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    SCREENING AND CONVERSATION with Margaret Prescod, Founder, Black Coalition Fighting Back Serial Murders and host of “Sojourner Truth” on Pacifica Radio’s KPFK.
    Nana Gyamfi, Lawyer-Black Lives Matter, Black Coalition Fighting Back Serial Murders.

  • Otis Fine Arts hosts a Visiting Artist lecture series featuring Oliver Payne, a Los Angeles-based artist. Read more about him here.
    Contact: Soo Kim, skim@otis.edu
  • Kimberli Meyer trained as an architect and an artist, and has been the director of the MAK Center for Art and Architecture at the Schindler House in West Hollywood since 2002. She has initiated and curated many programs there, including the exhibitions How Many Billboards?

  • Industry Spotlight

    Oct 15| Special Event

    An advertising creative director for more than 25 years, Otis alumnus Josh Weltman was the Mad Men co-producer responsible for Don Draper's credibility as an advertising genius.

    Join us for a behind-the-scenes look at the hit series, plus hear key insights from Weltman's new book Seducing Strangers: How to Get People to Buy What You're Selling.

  • Please join the Digital Media Department for a lecture by  Alina Chau.
    Chau is an Animator, Illustrator and Storyboard artist who has worked with Lucasfilm Animation, Technicolor Interactive Services, and Electronic Arts.  
    Alina Chau received her MFA from the University of California, Los Angeles. She spent over a decade working in the animation industry. Her most notable credit is on LucasFilm’s Emmy Award Winning program, “Star Wars: The Clone Wars.”
  • Otis Fine Arts hosts a Visiting Artist lecture series featuring Yutaka Makino. He lives and works in Berlin.  Read more about him here.
    Contact: Soo Kim, skim@otis.edu
  • Susan Choi’s first novel, The Foreign Student, won the Asian-American Literary Award for fiction, and her second novel, American Woman, was a finalist for the 2004 Pulitzer Prize. Her most recent novel, A Person of Interest, was a finalist for the 2009 PEN/Faulkner Award. With David Remnick she co-edited the anthology Wonderful Town: New York Stories from The New Yorker. A recipient of fellowships from the NEA and the Guggenheim Foundation, and in 2010, the inaugural winner of the PEN/W.G. Sebald Award, Choi lives in Brooklyn.


Curricular Connections

Ben Maltz Gallery Curricular Connections Tour

This information is designed to help Otis faculty members prepare their students for visits to the Ben Maltz Gallery. The reference material for each exhibition may vary but included are artists’ biographies and reviews of previous work; essay(s) by the curator(s); didactic material; checklist; and other background information that might be useful in the classroom. To schedule a tour of the exhibition for your group or class, you can do so online using the Tour Scheduling Form.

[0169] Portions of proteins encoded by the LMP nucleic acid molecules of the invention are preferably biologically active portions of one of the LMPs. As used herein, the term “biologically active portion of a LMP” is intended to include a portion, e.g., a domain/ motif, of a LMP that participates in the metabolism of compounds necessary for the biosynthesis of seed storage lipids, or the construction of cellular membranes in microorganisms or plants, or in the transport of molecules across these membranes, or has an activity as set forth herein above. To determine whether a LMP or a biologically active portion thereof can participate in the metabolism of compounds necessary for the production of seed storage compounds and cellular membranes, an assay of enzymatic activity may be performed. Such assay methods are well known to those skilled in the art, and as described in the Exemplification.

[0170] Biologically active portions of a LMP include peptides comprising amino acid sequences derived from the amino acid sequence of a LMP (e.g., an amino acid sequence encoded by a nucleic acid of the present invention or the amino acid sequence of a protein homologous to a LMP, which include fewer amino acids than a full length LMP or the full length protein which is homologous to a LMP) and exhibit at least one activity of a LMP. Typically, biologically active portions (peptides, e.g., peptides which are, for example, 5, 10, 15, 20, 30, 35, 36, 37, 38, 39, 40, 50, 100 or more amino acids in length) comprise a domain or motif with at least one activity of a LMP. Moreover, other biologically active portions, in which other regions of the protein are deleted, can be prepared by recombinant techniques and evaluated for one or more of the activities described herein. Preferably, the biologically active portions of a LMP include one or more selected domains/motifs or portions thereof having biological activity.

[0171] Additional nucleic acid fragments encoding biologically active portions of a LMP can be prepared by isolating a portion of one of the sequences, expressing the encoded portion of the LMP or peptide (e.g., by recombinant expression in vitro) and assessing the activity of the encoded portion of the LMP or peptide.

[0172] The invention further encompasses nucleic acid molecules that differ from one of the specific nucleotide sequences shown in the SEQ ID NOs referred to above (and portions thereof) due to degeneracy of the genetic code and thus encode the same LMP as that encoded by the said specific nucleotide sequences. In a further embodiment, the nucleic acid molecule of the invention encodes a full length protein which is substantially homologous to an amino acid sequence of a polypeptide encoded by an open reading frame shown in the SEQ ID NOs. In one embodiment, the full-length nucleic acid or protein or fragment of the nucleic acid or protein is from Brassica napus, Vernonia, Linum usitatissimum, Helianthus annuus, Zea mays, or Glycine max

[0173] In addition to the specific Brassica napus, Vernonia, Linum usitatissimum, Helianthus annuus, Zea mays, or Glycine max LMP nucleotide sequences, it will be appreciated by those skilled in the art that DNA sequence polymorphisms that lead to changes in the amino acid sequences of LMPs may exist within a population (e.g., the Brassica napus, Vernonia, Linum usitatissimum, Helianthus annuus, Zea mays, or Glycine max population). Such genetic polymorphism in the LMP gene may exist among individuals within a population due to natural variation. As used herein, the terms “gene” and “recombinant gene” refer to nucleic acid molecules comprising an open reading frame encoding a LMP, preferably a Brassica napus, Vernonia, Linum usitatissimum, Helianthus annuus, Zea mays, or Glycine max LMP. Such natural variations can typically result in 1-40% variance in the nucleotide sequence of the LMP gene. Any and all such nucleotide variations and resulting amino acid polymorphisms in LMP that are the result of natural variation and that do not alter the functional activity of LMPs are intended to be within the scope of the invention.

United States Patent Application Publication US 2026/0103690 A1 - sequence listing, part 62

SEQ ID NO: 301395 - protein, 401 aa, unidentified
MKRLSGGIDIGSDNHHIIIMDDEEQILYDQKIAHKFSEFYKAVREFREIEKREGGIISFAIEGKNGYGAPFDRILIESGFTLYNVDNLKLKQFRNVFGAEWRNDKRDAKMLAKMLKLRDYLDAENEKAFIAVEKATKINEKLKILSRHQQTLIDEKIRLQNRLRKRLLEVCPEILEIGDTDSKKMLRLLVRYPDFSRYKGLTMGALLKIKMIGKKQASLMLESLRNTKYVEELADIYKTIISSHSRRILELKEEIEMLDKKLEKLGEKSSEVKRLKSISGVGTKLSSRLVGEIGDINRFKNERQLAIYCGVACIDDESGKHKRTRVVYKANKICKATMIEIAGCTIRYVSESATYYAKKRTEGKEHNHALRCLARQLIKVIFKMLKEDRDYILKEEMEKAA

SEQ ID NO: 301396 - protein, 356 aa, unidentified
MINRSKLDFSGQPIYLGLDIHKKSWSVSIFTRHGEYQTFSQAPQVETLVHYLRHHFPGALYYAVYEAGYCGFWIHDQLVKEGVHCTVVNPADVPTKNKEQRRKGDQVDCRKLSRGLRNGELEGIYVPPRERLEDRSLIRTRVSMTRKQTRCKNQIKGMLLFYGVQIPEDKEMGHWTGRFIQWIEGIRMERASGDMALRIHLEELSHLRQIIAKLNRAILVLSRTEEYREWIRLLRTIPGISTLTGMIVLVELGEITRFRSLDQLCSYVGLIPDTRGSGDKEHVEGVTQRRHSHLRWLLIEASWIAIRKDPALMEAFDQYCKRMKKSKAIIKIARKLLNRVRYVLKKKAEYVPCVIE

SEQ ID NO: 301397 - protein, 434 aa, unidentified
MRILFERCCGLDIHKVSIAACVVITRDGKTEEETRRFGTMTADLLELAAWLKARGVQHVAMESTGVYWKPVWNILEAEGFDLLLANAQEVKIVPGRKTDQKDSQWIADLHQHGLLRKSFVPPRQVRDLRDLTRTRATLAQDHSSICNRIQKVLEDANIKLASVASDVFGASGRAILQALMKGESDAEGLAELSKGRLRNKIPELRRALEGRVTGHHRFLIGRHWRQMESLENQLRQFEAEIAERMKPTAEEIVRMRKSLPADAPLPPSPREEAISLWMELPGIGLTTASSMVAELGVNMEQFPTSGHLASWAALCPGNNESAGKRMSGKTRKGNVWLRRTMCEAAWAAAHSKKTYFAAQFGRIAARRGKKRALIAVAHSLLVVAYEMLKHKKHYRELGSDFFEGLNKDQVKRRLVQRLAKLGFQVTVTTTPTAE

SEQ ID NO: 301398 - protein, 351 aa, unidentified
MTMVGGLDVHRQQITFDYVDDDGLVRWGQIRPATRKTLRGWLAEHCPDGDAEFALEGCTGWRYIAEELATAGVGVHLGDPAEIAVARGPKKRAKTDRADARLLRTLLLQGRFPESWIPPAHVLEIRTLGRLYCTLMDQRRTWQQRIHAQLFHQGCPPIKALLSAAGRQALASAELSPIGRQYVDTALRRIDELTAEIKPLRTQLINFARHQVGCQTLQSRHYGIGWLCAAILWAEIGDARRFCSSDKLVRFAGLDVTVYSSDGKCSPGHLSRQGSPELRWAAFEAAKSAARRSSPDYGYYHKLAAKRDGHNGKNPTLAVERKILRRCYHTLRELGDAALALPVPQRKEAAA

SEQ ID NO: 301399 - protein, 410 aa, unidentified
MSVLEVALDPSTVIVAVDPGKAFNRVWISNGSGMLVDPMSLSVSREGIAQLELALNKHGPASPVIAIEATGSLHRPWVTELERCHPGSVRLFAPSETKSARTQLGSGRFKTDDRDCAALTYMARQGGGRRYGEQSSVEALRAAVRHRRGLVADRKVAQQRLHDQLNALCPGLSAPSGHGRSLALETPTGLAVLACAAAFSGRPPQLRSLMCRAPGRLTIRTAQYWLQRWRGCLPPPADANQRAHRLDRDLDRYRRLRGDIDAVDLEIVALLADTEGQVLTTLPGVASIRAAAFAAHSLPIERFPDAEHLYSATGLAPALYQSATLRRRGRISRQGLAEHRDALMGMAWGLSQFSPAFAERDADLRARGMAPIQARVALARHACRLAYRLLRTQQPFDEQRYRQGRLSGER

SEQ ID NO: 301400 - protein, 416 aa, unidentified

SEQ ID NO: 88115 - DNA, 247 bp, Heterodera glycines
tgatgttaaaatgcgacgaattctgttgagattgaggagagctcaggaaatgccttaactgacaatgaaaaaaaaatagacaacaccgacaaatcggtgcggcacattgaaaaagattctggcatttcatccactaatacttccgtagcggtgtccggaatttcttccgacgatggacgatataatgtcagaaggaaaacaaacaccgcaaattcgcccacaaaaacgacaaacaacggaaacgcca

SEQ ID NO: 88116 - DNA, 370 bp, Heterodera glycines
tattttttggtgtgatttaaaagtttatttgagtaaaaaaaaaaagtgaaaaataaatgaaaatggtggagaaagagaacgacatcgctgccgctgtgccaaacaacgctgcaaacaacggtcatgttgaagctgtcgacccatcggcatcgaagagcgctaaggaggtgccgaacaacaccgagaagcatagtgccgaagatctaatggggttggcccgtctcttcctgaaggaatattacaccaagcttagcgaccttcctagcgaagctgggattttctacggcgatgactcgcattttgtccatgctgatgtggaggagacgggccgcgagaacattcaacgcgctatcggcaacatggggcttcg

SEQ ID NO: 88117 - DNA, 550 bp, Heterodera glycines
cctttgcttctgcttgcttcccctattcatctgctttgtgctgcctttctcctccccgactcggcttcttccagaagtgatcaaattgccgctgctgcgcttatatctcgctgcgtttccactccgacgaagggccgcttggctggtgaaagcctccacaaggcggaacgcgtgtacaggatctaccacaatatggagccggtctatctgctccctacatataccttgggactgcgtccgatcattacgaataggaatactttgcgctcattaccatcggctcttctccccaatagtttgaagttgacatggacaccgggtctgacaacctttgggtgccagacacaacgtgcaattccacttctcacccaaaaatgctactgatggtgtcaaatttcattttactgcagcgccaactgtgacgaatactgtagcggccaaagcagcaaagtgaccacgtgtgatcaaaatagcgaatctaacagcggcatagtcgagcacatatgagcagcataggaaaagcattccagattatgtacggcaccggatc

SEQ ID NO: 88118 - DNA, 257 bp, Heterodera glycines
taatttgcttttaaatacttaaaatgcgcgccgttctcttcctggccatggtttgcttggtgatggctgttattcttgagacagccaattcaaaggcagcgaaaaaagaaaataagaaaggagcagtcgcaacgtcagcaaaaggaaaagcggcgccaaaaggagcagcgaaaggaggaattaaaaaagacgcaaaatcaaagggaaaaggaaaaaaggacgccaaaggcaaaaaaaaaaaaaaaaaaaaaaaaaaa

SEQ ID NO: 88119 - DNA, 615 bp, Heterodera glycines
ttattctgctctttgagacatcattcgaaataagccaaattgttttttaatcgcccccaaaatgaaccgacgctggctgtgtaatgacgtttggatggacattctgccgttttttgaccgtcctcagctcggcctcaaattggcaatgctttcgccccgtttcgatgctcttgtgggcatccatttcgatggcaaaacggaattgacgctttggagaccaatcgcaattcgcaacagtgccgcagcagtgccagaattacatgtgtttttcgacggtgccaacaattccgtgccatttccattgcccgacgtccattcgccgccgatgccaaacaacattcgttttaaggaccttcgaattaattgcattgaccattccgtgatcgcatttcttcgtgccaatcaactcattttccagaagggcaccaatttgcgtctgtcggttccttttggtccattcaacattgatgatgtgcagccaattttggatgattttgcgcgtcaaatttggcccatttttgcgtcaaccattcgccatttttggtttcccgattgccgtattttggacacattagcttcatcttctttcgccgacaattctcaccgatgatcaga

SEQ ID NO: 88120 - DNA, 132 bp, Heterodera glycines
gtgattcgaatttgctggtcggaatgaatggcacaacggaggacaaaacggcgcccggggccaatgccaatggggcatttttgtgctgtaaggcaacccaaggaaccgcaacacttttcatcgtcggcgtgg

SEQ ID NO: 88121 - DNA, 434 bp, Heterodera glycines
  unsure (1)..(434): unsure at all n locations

Guide for Current Exhibition

Angie Bray: Shhhh |  January 17 - March 22, 2015

Tips for class visits

Prior to coming to the gallery, review the materials and the information available on the Maltz Gallery’s exhibition page: images, press release, and often a short documentary style video tour.

If attending a scheduled tour with the curator or gallery staff member, take a stroll around the gallery for a first look to gather your impressions before the guided experience.

Ask students to prepare a question for the curator or tour guide prior to coming to the gallery to help create conversation, and to promote discussions.The gallery is for conversation not silence.

Please have students leave their bags in the gallery office while on the tour, and remind them that there is no food or drink allowed in the gallery.

Sample Assignments

A collection of helpful ideas for instructors who are designing gallery and exhibition related projects.
Sample Assignment 1

Tips for visiting an art gallery or museum on your own

Do research. See what information is available about the institution or specific exhibition prior to your visit.

Time it right. Check the gallery or museum hours before venturing out, and see if there are any public programs you might want to attend.

Keep an open mind. When you enter the gallery, take a look around the room at the work on your own first, before reading any of the didactic materials. Note your first impressions and then as you learn more about what you are looking at, reflect on how your impressions might change with more information. It’s important to understand the “who, what, where, why and how” of an artist’s intent and the context within which they are making work, but also important to allow for your own response to the work itself.

Ask questions. If you don’t understand what you are looking at or want more information, don’t hesitate to ask the people working at the gallery.

Stay in touch. If you like what you see at a gallery, sign up to be on the mailing list and go back again and again to learn more about their programming. Each venue has a different mission or focus.